A retired human resources director, Pam Quinn was burnt out on the work-intensive culture of Silicon Valley and was looking to relocate to a place where she felt “like I was part of a community.”

After searching on her Ipad, the widowed 66-year-old empty nester from the San Jose suburb of Campbell found Twin Oaks, a newly built development in Hollister, described on its website as a “55+ active lifestyle community.” Quinn moved in April of 2022, just as the development was completed.

Hollister is the county seat of San Benito County, California’s leader when it comes to housing units added in the last several years. Between July 2020 and July 2022, the county housing supply went up 4.6%, or 946 units.

San Benito County defied the trends in California, which increased its housing stock by only 1.6% between July 2020 and July 2022, while the U.S. as a whole boosted housing by 2.3%, according to newly released data from the U.S. Census Bureau.

Quinn’s friends in Silicon Valley would tease her, saying “Hollister, that’s the boonies, you can’t live there,” she said, but her new home, away from the corporate grind and traffic, has turned her life around.

“I’m living in a five-star resort here and it’s absolutely gorgeous,” she said.

Amid California’s housing crisis, the state has scrambled to add enough supply — like the Hollister development — to mitigate skyrocketing rents.

But many states in the U.S. — 31, to be exact — reported more housing growth than California did.

Land costs, environmental restrictions and other factors can explain why California lags behind so many other states in building new housing, said Hans Johnson, a demographer with the Public Policy Institute of California.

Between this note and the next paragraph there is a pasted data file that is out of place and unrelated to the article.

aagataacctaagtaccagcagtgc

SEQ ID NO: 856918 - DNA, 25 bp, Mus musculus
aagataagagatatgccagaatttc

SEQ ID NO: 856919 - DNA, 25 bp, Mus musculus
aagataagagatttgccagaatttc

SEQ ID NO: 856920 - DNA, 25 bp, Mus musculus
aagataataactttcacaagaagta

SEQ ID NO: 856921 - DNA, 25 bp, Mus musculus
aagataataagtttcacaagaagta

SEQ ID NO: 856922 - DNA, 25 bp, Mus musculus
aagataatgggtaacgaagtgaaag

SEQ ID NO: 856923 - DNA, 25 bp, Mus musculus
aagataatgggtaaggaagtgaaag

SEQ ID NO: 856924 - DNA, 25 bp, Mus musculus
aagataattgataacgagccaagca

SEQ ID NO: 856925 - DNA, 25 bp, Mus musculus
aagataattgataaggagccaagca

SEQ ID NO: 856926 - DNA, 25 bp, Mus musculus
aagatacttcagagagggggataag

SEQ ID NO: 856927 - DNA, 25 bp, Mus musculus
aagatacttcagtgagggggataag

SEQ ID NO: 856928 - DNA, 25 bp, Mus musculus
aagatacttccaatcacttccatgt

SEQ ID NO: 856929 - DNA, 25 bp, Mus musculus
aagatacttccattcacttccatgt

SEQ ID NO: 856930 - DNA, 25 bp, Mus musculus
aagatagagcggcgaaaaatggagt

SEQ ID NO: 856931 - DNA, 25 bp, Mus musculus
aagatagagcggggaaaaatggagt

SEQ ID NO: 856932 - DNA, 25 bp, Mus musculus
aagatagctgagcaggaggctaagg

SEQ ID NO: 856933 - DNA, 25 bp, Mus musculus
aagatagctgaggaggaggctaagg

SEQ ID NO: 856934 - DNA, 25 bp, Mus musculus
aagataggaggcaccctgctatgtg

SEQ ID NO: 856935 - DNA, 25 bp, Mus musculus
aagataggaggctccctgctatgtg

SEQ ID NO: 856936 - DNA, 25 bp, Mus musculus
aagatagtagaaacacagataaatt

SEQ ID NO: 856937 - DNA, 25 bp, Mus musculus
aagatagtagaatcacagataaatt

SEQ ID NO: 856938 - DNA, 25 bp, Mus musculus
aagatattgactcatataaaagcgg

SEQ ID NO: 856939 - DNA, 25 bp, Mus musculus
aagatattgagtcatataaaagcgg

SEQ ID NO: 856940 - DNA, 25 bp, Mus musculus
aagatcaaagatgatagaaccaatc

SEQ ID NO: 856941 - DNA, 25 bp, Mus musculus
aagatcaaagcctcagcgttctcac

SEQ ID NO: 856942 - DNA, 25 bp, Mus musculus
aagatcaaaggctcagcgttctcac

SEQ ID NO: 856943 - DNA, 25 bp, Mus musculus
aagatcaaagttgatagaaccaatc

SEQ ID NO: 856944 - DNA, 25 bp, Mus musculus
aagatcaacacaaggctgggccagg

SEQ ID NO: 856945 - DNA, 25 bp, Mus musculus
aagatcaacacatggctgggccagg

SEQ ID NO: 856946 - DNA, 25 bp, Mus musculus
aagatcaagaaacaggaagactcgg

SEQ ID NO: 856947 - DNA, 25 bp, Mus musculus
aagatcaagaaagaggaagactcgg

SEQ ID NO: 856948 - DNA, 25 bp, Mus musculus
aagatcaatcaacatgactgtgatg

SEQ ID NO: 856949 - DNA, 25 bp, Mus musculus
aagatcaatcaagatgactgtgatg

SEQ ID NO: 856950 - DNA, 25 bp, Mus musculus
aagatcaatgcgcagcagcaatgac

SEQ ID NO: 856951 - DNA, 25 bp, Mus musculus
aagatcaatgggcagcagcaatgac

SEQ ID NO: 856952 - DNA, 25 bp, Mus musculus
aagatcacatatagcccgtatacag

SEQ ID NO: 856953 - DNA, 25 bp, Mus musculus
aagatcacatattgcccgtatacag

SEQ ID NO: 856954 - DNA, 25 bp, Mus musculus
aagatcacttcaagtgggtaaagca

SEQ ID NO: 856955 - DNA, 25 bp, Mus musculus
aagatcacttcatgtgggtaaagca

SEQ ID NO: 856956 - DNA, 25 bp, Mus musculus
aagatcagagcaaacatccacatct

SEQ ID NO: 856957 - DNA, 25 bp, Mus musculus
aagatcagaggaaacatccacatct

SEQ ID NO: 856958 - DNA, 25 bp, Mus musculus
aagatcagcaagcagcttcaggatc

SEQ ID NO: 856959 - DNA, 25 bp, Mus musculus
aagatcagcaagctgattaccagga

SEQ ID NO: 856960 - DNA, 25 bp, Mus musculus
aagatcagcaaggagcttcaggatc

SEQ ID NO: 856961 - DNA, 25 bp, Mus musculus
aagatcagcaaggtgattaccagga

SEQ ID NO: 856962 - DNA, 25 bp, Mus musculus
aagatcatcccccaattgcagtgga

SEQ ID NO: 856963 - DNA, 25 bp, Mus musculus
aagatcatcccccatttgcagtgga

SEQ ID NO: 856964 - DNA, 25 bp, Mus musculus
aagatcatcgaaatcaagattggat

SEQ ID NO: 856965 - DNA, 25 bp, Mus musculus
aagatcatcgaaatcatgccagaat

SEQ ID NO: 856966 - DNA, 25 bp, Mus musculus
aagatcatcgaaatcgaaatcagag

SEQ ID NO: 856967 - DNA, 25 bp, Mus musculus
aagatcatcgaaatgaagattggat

“The availability and cost of land in California is different than in many states where housing continues to be built at a faster rate,” he said.

“We have very high housing prices,” Johnson said, and “even though we might be losing people, there is still an unmet demand for more housing.”

There are fewer places to build in California after past housing booms resulted in “large new suburban developments at the edge of the urban fringe” — with places like Orange County and the Inland Empire fueling growth, Johnson said.

“We have limited land to build new housing in areas where demand is great,” he said, and as a result “California has had a hard time building as much housing as many of us think is necessary.”

Additionally, experts believe regulations such as the California Environmental Quality Act, or CEQA, may need to be reformed to “streamline housing building in California,” Johnson said.

“Neighborhood opposition and lawsuits have dampened the ability of jurisdictions to build housing even when they want to,” he said. “New housing developments can be tied up for years as the courts adjudicate the lawsuits.”

Though California has been slow at adding housing, some of the fastest growth has been happening in the types of places where fleeing Californians have been known to move, including Utah, Idaho and Texas.

In raw numbers, Florida and Texas added more units than California did. Texas added almost 550,000 units in the two-year span, while Florida added almost 400,000. California’s 235,000 additional units amount to less than half of what Texas added in the same time period.